LOS ANGELES — Hollywood is built on hype. The Lakers know hype like no other NBA franchise.
Lonzo Ball has been at the heart of the Lakers’ hype factory summer, and it had been working overtime. From being drafted No. 2, through selling out Summer League games in Las Vegas and winning that league’s MVP, through selling out meaningless preseason games the Lonzo hype in Los Angeles had reached epic proportions.
Thursday night it met reality.
Reality in the form of the Clippers’ Patrick Beverley being in his face from the opening tip, giving him no space or quarter. Reality in the form of Clippers defenders cutting off most of his look-ahead options in transition (although Ball had a few). Reality in the form of his shot not falling — he was 1-of-6 — and reality in the form of his teammates missing when Ball did make a good pass.
Reality in terms of a 108-92 loss where the Lakers were not competitive with Blake Griffin and the guys they share the building with.
“We got blown out, so I didn’t play too well,” Ball said.
“I just had to set the tone,” Beverley said of his physical play from the start. “I told him after the game, due to all the riffraff his dad brings he’s going to get a lot of people coming at him. He’s got to be ready for that, and I let him know after the game…
“(I had to) welcome his little young a** to the NBA.”
That’s cold — and it’s far kinder than what he yelled outside the Rockets’ locker room after the game.
Thanks to a combination of his father, his game, and the yearning of Lakers’ nation to have their next superstar, Ball entered the game with ridiculous amounts of hype — and unrealistic expectations. Magic Johnson was a national champion and a No. 1 pick when he first came to the Lakers, and he said there was far less hype around him.
“It wasn’t even close to this,” Johnson said pregame. “You didn’t have social media, you didn’t have talk shows like this….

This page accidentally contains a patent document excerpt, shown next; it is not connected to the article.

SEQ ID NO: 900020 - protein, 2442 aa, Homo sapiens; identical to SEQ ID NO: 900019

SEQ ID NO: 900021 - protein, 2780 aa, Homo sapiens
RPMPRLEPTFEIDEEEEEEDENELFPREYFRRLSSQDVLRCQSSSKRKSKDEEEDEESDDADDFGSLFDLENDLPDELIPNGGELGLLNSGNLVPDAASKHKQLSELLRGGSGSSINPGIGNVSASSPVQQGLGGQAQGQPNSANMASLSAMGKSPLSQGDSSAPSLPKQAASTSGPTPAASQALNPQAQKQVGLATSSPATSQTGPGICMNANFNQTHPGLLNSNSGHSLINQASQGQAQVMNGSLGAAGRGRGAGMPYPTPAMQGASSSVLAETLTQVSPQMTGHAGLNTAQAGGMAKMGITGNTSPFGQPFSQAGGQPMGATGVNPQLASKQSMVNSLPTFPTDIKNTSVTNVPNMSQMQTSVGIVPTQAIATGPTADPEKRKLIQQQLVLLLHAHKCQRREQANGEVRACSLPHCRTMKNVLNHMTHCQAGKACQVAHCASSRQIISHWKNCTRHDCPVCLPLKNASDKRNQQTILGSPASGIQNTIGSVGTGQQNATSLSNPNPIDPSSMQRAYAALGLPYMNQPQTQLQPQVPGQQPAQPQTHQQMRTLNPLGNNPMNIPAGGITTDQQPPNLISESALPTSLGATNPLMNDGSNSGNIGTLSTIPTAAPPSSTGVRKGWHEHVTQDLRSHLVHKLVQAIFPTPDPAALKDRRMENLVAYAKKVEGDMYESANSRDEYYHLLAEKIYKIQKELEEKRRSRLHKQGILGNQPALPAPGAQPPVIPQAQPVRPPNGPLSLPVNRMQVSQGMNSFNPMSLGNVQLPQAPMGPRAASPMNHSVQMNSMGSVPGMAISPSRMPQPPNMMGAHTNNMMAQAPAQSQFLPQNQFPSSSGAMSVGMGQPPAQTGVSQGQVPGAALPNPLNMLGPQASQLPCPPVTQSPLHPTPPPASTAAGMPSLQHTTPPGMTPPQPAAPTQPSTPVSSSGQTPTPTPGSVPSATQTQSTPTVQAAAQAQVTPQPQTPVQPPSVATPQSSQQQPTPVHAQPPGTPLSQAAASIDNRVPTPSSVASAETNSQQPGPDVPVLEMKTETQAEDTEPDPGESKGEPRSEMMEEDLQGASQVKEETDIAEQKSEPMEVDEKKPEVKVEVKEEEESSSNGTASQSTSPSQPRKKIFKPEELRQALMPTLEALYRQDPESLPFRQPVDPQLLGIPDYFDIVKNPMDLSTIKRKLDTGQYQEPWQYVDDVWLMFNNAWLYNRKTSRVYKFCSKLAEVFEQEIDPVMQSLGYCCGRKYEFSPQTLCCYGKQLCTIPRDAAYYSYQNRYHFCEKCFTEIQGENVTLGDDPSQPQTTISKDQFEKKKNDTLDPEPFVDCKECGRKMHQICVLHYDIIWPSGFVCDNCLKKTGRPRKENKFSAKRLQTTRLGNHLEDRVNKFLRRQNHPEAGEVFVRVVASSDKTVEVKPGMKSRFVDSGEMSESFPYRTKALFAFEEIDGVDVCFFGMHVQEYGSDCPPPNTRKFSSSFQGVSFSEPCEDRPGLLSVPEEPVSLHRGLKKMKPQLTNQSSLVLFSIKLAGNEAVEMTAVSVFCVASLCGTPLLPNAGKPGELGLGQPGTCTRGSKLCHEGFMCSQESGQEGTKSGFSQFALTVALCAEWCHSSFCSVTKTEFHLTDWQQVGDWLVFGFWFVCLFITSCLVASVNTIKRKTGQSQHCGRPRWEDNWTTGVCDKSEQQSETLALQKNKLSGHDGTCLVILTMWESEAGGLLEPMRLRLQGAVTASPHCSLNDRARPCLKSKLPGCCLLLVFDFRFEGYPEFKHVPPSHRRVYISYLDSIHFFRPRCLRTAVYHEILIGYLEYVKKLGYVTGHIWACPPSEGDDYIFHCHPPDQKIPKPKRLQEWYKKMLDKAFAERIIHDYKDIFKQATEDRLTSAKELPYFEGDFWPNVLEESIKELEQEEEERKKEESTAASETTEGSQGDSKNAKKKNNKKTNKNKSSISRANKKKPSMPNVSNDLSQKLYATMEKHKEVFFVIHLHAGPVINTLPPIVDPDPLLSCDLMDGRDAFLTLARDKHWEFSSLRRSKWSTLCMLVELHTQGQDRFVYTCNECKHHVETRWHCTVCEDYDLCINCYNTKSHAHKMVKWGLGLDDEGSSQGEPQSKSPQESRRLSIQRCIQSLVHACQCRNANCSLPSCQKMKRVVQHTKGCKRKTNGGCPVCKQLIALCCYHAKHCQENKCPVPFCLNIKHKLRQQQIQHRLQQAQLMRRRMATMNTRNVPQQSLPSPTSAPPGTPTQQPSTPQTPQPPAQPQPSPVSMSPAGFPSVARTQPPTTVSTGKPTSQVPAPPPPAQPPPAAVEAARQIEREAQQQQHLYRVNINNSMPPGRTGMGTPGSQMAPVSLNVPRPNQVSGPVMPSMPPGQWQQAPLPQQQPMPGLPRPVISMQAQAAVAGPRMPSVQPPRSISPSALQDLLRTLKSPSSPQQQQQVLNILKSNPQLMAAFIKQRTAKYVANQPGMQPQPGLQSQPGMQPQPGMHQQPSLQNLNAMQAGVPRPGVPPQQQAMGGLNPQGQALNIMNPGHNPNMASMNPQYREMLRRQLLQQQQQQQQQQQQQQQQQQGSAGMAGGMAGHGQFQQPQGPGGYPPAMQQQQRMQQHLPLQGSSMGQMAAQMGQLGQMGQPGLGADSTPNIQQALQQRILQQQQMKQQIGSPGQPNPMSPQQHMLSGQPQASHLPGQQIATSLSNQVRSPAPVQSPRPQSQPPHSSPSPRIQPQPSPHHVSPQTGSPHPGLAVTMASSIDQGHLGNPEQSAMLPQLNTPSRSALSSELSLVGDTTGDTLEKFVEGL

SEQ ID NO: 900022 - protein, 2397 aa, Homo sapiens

“I was known, like he’s known, you know that whole high pick (thing). And the NBA played it up like they’re playing it up now. But it wasn’t even close to this. From the social media standpoint, and ESPN and Fox Sports and all if it, this is so much bigger than I can ever imagine. And then I wasn’t from here. This young man is from here, he wanted to be a Laker.”
Magic also won his first game (then ran over and hugged a surprised Kareem Abdul-Jabbar).
Lonzo’s Lakers got thumped.
Ball finished the night 1-of-6 from the floor, his one basket a three-pointer in the middle of the second quarter. Ball sat the fourth quarter of the blowout. In half court, Clippers defenders were playing off Ball and daring him to shoot. He couldn’t drive around Austin Rivers a couple times in isolation. Ball did pull down nine rebounds, and he had four assists — he could have had more, but his teammates were missing. The Lakers were 11-of-42 outside the paint and desperately missedKentavious Caldwell-Pope’s outside shooting and floor spacing (he is suspended the first two games of the season due to a DUI). Look at the Lakers’ shot chart.
The problem with the young Lakers is those missed shots on offense got into their head on defense and they didn’t give the same effort on that end. It showed. Blake Griffin finished with 29 points on 23 shots, was 3-of-6 from beyond the arc, and had 12 boards in an impressive performance. DeAndre Jordan had 14 points and 24 rebounds, and Danilo Gallinari had 11.
It was a good win for a Clippers team with playoff aspirations. They played hard, meshed well for a lot of new faces, and played pretty good defense for stretches.
After it was over, the Lakers chalked it up as a learning experience. They will have a lot of those this season.
“It was good for (Lonzo),” Lakers coach Luke Walton said of the rough first night. “Beverley is as good as anyone, if not the best, at the point guard position of getting into other people and getting under their skin. I thought Zo kept his composure.”
He needs to keep his composure because the hype and pressure aren’t going away. Not in Los Angeles. Not with Lakers fans, who consider contending for a title their birthright.
“That’s what happens when you play in L.A.,” Ball said. “Everybody expects you to do well, and if you don’t they’ll get somebody else to do it…
“The good thing about the NBA is we have 81 more (games). We’re 0-1. It’s only one loss, tomorrow we can bounce back.”
The good news for Ball is the defense he faces should be a little softer Friday night against the Suns.